Neurolutions, a company with offices in Santa Cruz, CA and St. Louis, MO, won the FDA again authorization to introduce its IpsiHand rehabilitation system in the United States. It is the first approval of a brain-computer interface technology for the rehabilitation of stroke patients and promises a faster and more complete recovery of hand function in many patients.
The IpsiHand system takes advantage of the excited side of the brain to cause the opening and closing of a robotic exoskeleton located on the affected arm. The patient wears an EEG headset that detects brain waves that interprets the relevant signals and sends them to the exoskeleton. The idea is based on the concept that “neurons that shoot together connect,” according to Neurolutions, and how the patient wants to move their hand actually does. This is done repeatedly over several sessions, which take place in the clinic or at home independently. This repetitive enhancement has been shown in clinical studies to significantly improve therapy outcomes, including muscle reeducation and increased range of motion, in patients well after (≥ 6 months) of their stroke diagnosis.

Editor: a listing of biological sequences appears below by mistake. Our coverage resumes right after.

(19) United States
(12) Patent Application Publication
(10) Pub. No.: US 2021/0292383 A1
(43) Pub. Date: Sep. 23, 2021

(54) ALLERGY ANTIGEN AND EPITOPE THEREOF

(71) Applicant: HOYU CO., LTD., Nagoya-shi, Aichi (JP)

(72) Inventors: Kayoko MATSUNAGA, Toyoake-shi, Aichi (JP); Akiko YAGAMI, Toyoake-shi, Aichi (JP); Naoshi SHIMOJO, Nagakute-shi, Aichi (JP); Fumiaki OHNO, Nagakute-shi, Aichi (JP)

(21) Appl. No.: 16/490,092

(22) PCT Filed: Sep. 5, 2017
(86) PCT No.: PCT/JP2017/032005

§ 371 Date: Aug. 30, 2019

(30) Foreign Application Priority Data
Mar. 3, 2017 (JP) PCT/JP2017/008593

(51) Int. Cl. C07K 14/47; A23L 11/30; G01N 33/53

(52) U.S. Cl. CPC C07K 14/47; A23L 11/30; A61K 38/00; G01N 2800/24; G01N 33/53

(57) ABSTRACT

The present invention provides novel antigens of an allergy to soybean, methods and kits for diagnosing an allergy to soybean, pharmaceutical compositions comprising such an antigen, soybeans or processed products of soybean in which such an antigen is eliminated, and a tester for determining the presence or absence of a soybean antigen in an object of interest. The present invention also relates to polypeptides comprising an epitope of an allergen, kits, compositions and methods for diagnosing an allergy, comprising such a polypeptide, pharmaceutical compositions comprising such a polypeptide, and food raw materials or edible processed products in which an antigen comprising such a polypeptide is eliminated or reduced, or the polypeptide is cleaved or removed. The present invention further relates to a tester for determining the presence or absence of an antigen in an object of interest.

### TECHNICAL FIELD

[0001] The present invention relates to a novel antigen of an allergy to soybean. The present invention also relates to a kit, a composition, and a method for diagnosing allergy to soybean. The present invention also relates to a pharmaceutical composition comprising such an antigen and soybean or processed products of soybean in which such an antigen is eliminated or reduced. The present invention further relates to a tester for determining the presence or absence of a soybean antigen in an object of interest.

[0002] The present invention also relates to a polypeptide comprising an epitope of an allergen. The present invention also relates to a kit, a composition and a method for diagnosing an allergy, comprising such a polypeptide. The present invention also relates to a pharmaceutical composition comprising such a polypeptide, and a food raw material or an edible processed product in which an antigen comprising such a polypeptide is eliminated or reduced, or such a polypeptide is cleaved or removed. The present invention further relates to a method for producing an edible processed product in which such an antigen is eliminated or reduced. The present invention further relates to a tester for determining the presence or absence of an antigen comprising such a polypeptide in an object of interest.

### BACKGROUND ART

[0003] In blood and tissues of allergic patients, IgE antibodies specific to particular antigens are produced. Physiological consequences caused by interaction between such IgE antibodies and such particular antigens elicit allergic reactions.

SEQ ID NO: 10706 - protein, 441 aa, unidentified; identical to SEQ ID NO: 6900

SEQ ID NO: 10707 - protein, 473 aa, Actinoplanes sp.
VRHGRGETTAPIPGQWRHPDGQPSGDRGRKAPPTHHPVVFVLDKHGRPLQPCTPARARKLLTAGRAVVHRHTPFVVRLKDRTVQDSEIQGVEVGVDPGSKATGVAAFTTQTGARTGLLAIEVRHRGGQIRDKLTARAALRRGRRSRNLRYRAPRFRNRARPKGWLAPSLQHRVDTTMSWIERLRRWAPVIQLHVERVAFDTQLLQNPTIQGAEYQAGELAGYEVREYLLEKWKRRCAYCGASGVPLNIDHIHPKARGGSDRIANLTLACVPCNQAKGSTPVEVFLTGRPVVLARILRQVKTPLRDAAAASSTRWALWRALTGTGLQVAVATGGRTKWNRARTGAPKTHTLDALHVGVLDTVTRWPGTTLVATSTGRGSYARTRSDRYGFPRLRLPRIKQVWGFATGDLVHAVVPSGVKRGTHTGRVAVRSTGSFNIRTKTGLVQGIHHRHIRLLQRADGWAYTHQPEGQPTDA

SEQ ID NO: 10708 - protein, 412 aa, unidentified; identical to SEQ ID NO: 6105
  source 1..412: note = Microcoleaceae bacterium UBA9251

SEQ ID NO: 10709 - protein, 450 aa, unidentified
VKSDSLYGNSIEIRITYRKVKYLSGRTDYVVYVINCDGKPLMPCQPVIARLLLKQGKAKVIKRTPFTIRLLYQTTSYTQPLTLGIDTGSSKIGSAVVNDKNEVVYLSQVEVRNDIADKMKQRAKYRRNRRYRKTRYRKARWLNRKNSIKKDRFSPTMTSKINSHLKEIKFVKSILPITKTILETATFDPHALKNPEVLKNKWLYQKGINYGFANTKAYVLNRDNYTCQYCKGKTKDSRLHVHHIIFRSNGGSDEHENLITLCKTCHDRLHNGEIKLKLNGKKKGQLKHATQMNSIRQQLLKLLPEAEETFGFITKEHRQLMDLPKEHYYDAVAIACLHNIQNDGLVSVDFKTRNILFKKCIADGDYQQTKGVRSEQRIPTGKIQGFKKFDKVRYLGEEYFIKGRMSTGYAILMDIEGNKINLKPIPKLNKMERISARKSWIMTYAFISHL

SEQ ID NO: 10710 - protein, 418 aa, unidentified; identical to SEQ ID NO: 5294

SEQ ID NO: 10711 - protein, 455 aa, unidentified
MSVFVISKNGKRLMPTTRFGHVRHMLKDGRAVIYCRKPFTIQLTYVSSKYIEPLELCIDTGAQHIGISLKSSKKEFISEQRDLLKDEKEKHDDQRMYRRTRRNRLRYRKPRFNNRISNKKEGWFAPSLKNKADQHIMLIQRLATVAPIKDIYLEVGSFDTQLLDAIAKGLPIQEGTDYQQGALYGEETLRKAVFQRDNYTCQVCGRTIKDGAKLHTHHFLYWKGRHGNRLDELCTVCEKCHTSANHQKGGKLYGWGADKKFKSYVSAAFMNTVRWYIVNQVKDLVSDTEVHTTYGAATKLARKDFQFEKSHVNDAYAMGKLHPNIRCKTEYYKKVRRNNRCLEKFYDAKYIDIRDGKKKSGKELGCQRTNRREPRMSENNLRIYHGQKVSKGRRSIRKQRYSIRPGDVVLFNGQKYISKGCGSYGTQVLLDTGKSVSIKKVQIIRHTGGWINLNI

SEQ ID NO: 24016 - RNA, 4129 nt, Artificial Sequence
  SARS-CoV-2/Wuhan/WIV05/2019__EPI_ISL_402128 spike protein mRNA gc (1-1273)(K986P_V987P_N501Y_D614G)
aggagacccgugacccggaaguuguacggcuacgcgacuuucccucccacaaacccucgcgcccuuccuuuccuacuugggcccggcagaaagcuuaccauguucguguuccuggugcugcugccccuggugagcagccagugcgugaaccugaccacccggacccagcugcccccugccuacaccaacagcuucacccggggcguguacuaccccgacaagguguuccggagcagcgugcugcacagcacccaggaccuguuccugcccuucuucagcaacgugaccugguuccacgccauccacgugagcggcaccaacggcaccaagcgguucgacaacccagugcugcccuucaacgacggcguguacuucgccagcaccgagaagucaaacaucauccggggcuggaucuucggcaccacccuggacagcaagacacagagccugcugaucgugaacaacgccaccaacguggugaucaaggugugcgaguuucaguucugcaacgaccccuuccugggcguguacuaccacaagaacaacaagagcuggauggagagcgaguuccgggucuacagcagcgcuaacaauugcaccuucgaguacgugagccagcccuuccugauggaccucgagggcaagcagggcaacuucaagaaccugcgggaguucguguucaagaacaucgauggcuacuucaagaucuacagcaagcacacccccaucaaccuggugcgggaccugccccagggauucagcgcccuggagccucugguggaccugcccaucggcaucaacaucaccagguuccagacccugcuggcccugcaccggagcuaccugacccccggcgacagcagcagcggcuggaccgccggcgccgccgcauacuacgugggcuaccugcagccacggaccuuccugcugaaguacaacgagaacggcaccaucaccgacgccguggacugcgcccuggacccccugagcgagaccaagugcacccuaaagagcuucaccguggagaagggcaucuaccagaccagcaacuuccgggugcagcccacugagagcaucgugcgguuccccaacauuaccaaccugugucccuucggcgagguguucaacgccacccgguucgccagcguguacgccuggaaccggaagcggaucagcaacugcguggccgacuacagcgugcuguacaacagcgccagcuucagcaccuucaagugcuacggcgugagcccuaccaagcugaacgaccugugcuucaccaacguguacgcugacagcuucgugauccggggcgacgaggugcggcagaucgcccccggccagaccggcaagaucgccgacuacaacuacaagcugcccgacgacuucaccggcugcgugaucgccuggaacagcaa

According to its manufacturer, there is a little more about the technology:
IpsiHand is indicated for use in patients 18 years of age or older who undergo stroke rehabilitation to facilitate muscle reeducation and to maintain or increase range of motion.
All participants in a study of 40 blind patients for 12 weeks demonstrated an improvement in motor function with the device during the trial. Adverse events reported included fatigue and minor discomfort and temporary reddening of the skin.
Product page: IpsiHand